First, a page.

Philip Hedley, Stratford East a.d. for 24 years, explains the thinking behind the project, which comes to Stratford with the blessing of the Rodgers & Hammerstein org in New York. (“This organization was founded by men who took risks,” says R&H spokesman Bert Fink, “and we continue to take risks.”) With a budget of £210,000 ($330,000) — tiny by commercial standards but huge for Stratford East — the company definitely is taking a risk.

Hedley says he found himself wondering whether the local community “would come into the theater if their music was in the theater.”

What better way to test the waters than with a musical based on Shakespeare: “Rap is like blank verse,” Hedley says. “It has just as many rules.” And, in an odd coincidence, this show rooted in “The Comedy of Errors” opens in London the same night as the West End bow of the Off Broadway production “The Bomb-itty of Errors,” derived from the same source.

Hedley & Co. were emboldened by past sampling of individual musical songs — “Got to Pick a Pocket or Two” from “Oliver!” looped anew by Bustah Rhymes, or the Jay-Z version of “It’s the Hard-Knock Life,” from “Annie,” which gives a Depression-era anthem an immediacy for today. “The Boys From Syracuse” remix is a collaboration between hip-hop artist MC Skolla and BBC Radio’s DJ Excalibah, both of whom participated in a new musical-theater writing workshop sponsored by Stratford East two summers ago.

Describing his task as “adding noises and orchestrations to see what happens,” DJ Excalibah spoke of “Da Boyz” as that rare theater production that “addresses kids in the way they’re used to being addressed.” In keeping with the occasion, the auditorium doors will be left open to allow auds to move to and from the bar, while Ultz thinks of the staging as being in two “sets,” not acts, with a multiracial cast of 12 rapper-singers backed up by 18 dancers.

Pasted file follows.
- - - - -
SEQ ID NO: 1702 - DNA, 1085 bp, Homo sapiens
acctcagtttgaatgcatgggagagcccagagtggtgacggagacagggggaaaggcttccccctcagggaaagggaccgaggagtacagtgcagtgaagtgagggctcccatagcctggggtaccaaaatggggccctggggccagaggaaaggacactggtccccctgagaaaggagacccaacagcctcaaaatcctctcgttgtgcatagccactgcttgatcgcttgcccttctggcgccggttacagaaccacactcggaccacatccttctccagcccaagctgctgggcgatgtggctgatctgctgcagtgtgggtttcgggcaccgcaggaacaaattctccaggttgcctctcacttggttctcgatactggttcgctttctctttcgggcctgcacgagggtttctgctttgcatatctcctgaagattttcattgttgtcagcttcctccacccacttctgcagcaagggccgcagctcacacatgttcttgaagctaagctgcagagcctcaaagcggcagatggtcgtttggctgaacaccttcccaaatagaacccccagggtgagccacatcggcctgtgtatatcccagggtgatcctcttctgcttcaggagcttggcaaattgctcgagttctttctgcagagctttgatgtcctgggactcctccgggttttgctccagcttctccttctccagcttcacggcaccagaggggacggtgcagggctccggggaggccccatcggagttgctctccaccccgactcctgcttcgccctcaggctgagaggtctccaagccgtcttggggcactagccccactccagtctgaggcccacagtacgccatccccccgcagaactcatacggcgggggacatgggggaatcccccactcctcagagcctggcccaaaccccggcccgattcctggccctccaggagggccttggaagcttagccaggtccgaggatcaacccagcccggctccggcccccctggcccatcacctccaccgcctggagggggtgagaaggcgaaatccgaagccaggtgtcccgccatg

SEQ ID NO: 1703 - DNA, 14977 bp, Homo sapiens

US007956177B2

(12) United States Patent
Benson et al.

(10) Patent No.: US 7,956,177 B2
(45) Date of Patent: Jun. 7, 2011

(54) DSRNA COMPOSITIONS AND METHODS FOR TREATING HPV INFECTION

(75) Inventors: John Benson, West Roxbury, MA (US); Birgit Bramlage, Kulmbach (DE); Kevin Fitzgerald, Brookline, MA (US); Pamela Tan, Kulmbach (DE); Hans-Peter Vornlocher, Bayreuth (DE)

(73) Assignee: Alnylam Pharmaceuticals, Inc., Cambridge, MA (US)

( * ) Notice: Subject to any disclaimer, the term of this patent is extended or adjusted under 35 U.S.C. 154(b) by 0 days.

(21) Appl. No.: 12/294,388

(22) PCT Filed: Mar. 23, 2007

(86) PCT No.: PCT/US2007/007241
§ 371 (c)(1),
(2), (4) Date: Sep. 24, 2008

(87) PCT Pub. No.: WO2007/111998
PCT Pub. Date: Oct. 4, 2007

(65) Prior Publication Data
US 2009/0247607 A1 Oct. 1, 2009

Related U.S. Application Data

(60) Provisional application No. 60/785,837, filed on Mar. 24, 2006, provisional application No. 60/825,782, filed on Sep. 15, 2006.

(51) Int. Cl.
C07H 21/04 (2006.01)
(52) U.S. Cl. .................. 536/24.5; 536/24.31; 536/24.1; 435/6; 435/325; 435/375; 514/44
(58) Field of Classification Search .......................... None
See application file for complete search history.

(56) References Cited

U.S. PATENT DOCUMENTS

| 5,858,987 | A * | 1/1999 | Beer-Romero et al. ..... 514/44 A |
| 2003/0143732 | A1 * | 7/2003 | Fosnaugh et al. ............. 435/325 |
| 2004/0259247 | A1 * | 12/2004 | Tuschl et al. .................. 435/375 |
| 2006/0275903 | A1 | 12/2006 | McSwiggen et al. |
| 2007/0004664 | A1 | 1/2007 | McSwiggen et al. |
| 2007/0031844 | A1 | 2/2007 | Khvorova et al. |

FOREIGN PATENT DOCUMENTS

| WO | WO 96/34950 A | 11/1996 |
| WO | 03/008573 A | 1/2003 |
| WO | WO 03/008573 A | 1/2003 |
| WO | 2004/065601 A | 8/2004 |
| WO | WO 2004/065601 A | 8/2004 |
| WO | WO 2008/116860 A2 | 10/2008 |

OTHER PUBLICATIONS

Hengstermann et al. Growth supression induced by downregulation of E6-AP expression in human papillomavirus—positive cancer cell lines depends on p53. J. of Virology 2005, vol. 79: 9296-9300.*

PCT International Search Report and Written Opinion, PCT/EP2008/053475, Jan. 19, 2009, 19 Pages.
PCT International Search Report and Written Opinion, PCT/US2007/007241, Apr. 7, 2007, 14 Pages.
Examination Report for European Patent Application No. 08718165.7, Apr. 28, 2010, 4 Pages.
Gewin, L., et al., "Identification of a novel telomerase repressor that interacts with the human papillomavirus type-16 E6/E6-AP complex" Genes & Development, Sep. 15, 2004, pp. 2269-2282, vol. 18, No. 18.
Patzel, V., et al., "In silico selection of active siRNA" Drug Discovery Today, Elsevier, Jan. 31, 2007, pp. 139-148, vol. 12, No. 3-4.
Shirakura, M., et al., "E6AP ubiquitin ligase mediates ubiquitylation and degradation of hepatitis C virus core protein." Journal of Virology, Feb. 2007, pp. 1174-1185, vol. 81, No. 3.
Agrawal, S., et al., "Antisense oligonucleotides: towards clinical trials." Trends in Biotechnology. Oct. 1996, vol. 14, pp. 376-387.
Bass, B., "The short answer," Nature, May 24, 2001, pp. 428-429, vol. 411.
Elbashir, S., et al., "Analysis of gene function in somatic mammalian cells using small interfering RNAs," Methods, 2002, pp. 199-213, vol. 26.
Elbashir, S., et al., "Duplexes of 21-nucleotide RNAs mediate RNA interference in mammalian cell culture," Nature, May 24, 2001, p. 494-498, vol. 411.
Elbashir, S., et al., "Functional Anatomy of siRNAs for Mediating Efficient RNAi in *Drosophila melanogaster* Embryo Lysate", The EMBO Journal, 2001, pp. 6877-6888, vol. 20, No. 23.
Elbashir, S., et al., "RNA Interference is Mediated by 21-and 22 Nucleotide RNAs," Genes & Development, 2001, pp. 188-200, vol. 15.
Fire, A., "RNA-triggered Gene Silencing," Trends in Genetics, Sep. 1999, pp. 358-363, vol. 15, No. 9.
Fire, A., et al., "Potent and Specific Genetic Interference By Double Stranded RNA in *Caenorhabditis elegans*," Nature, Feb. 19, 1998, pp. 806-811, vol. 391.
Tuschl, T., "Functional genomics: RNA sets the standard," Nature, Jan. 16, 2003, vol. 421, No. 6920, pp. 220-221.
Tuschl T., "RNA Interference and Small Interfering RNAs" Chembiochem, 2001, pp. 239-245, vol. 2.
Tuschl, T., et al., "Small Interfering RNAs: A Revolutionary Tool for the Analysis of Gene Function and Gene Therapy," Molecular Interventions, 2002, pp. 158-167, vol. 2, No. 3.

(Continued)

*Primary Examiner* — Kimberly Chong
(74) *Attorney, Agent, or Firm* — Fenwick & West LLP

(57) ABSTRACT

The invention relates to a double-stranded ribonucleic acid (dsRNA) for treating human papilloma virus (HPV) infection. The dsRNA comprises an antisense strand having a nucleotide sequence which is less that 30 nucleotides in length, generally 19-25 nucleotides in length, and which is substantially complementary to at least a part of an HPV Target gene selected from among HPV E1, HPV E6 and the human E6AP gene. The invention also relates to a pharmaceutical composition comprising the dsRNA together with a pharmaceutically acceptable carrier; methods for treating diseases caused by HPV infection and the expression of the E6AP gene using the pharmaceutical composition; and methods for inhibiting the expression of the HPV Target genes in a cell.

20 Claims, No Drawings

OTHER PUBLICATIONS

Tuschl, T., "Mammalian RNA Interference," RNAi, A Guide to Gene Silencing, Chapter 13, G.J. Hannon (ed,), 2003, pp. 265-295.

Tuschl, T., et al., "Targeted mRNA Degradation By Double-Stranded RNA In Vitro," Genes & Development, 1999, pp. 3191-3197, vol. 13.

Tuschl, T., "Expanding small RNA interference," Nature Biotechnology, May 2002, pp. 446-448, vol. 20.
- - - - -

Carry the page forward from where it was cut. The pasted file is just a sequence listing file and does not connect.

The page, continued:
What of “Da Boyz” down the line? For the moment, the rights pertain very specifically to this run. On the other hand, it has been lost on no one that a vast urban market, hitherto untapped, exists for this or any show capable of taking the flavor of the street to an art form like theater that a non-white, middle-class audience — which is to say, the Stratford one, most probably thinks of as irrelevant or staid or both. To that end, a scenario steeped in talk of Ephesus in Asia Minor is being relocated to Stratford High Street, with the George Abbott book pared-down in order to put the music center-stage.

What “Da Boyz” isn’t, says DJ Excalibah, a 20-year-old Anglo-Jamaican who was born Matthew Goodall, is “Chitty Chitty Bang Bang,” “Les Miz” — “the usual bog-standard West End stuff that gets churned out.”

What it is, is a chance to cultivate an entirely new public. After all, says Hedley, with regard to his constituency, “Theater needs them much more than they need theater. Yes?”